When most people think of gaming, they think of SimCity or Halo, games that are primarily designed for recreational use. An older generation of gamers will remember Mario and PacMan, arcade games that are in many ways responsible for the popularity of gaming today.
A lot of people really enjoy playing videogames. But if you ask them why, the answer is usually really simple.
“I like to play videogames. They’re a lot of fun.”
That answer doesn’t satisfy a lot of people, especially adults that aren’t technology natives. They see a generation invested in virtual realities and lament all that videogames are taking from society.
What about all the things gaming gives to society?
Like it or not, we live in a technological world, and that technology has a direct effect on our interactions with one another. Studies have shown that gaming has an overall positive effect on social development, especially in young people with autism- videogames can teach those children how to respond to visual and verbal cues. Many gamers play online with collaborative communities, so they are actively socializing in a new way, connecting with people with similar interests.
Games have been proven to help develop critical thinking skills, as players are tasked with connecting events throughout the game and determining how to move through each level or episode. As a result, gamers are able to concentrate for long periods of time, an essential skill in education and the workforce.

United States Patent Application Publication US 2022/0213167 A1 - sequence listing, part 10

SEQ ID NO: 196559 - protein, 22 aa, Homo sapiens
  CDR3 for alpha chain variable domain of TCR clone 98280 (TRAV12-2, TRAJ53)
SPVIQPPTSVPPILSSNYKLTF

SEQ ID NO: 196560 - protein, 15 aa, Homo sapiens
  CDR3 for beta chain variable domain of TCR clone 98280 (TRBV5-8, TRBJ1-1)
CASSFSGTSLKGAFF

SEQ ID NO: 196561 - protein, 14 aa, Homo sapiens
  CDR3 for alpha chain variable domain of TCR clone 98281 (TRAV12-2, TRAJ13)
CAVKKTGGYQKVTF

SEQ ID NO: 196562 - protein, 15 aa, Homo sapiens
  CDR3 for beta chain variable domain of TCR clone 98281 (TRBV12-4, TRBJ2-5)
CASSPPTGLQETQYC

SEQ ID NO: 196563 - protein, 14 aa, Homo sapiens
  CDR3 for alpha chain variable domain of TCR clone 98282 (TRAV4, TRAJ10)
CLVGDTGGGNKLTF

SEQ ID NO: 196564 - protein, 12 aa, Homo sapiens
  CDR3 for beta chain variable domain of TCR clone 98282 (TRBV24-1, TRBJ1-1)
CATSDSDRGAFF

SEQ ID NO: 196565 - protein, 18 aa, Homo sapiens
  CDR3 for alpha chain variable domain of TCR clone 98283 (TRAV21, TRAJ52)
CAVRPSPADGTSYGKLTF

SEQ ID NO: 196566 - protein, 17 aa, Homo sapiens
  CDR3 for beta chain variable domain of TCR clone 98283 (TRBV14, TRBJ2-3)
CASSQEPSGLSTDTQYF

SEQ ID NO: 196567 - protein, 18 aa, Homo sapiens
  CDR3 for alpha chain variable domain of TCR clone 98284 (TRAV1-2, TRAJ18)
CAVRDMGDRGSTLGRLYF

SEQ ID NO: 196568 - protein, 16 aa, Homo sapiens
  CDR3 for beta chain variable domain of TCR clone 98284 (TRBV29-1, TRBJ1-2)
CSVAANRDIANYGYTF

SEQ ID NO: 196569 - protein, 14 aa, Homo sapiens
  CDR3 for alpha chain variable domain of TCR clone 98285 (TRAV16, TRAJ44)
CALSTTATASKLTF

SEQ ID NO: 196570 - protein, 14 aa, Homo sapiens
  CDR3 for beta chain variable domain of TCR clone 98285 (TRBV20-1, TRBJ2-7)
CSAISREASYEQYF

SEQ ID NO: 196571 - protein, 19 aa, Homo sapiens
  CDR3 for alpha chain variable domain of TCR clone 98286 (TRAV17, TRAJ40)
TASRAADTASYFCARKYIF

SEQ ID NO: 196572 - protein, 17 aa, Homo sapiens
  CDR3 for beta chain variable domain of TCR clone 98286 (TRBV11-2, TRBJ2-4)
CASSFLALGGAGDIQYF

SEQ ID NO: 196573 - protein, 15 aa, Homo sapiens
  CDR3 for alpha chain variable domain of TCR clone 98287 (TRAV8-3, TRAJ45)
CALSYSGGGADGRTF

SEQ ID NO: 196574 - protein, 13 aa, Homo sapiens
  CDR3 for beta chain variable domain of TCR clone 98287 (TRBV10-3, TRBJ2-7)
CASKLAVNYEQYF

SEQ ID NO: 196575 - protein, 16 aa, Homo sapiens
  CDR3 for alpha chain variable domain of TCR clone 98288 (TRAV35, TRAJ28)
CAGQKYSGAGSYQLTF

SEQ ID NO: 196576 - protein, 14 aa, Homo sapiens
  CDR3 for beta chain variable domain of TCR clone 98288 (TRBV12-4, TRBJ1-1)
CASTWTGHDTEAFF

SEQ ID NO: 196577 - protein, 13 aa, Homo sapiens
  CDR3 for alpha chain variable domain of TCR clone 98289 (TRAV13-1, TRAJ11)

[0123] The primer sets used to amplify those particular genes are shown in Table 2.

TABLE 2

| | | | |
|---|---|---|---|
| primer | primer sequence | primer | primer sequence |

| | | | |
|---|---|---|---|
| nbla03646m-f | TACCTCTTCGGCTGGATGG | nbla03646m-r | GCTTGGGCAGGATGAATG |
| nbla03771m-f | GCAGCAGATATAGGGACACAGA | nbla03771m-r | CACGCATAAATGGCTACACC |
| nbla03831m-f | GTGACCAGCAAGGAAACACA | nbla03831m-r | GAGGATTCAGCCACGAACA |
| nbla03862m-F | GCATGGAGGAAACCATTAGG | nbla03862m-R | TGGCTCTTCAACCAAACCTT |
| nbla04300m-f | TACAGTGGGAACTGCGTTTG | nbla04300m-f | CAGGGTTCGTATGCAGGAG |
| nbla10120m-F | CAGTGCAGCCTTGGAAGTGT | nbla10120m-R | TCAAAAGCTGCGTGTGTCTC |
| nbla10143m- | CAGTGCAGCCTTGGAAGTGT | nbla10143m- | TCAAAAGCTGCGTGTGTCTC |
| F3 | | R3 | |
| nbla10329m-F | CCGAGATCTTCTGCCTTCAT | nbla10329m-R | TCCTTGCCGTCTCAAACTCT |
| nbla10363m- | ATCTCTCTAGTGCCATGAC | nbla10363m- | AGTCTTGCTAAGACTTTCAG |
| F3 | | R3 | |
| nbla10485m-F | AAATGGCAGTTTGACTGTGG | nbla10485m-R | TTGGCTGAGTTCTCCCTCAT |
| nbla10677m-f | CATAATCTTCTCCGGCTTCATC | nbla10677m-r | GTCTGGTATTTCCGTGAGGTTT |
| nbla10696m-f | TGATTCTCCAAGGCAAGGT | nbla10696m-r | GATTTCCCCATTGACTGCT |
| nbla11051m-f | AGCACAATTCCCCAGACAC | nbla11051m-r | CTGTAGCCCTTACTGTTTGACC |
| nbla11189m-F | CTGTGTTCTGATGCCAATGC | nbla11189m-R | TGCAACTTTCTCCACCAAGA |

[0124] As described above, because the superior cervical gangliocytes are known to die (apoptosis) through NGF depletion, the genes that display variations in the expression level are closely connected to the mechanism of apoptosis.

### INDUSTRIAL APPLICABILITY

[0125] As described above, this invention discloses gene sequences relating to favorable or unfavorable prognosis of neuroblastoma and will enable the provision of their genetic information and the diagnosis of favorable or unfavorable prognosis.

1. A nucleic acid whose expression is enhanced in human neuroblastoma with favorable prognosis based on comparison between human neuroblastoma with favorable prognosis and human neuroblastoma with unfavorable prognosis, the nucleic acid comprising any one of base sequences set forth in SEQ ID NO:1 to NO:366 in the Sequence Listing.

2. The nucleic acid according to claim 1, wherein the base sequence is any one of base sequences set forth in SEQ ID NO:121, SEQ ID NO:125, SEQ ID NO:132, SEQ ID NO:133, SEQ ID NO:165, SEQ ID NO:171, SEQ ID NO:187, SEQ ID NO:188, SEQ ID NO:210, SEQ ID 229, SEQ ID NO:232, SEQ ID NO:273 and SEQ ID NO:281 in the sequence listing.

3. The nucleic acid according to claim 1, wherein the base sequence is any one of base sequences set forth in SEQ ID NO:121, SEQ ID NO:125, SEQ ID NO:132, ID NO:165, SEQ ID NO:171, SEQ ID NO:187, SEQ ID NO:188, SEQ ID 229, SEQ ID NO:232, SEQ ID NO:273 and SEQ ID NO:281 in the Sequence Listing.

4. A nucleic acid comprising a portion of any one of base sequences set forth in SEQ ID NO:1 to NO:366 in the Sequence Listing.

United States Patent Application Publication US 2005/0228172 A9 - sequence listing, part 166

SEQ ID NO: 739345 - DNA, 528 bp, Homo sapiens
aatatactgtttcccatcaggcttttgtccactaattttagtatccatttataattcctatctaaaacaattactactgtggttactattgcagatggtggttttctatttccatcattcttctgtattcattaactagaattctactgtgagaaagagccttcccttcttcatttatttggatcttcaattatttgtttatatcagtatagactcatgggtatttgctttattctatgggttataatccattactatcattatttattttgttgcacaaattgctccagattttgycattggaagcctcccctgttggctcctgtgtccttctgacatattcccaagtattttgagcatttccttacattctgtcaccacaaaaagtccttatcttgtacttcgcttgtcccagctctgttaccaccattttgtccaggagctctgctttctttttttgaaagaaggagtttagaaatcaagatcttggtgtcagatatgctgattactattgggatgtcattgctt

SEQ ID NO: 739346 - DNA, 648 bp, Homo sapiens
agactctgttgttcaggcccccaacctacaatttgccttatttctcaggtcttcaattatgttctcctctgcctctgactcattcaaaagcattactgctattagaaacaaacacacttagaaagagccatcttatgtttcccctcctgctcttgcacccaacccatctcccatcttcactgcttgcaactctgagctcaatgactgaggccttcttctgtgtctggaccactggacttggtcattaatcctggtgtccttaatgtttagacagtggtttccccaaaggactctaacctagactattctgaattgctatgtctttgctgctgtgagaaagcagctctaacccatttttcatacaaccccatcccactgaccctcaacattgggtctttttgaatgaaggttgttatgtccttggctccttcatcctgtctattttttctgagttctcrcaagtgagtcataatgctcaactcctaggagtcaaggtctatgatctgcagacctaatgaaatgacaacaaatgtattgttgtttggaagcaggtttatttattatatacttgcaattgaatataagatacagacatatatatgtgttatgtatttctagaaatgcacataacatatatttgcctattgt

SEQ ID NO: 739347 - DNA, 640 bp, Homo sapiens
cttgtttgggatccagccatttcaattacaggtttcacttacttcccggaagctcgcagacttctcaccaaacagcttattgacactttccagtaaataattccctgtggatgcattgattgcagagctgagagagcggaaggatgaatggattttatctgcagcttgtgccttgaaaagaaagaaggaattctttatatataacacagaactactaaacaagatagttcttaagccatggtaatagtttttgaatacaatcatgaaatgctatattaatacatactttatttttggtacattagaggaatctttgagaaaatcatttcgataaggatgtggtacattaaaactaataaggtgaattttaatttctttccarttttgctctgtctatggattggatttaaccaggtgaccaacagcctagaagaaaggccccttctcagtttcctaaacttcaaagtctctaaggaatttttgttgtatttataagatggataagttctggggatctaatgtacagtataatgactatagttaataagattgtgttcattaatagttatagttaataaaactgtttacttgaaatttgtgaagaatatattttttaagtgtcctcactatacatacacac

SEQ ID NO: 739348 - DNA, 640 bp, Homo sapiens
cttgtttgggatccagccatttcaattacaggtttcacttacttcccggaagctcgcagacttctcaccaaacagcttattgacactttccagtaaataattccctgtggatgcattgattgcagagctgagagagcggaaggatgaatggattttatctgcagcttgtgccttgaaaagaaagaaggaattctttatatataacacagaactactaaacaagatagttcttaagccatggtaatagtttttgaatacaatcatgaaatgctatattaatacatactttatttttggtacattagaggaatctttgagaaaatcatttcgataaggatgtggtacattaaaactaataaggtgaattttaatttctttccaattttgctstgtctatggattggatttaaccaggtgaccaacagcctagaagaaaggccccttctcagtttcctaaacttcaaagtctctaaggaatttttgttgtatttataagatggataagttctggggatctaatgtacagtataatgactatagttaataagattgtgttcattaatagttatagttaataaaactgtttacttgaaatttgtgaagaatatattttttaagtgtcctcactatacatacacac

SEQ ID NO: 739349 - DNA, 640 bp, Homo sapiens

A recent Huffington Post article details how gaming has become a scapegoat for violence when in fact studies have shown that players of violent videogames are aggressive only in relation to the game they are playing. In fact, games are good sources of stress relief and personal escape. They improve hand-eye coordination and various cognitive functions, from multi-tasking to decision making.
Gaming is slowly becoming an avenue for change, with websites like Gaming For a Cause raising money for cancer through gaming. Here at the EMC, we have created games like BREAKAWAY, which addresses the issue of violence against women, and Breath Biofeedback to reach out to children with Cystic Fibrosis and encourage the adoption of breathing exercises. The purpose of gaming is evolving into so much more than what it once was—in many ways it has become a platform for positive change.
What in your mind is the purpose of gaming?
Written by Jillian Casey '15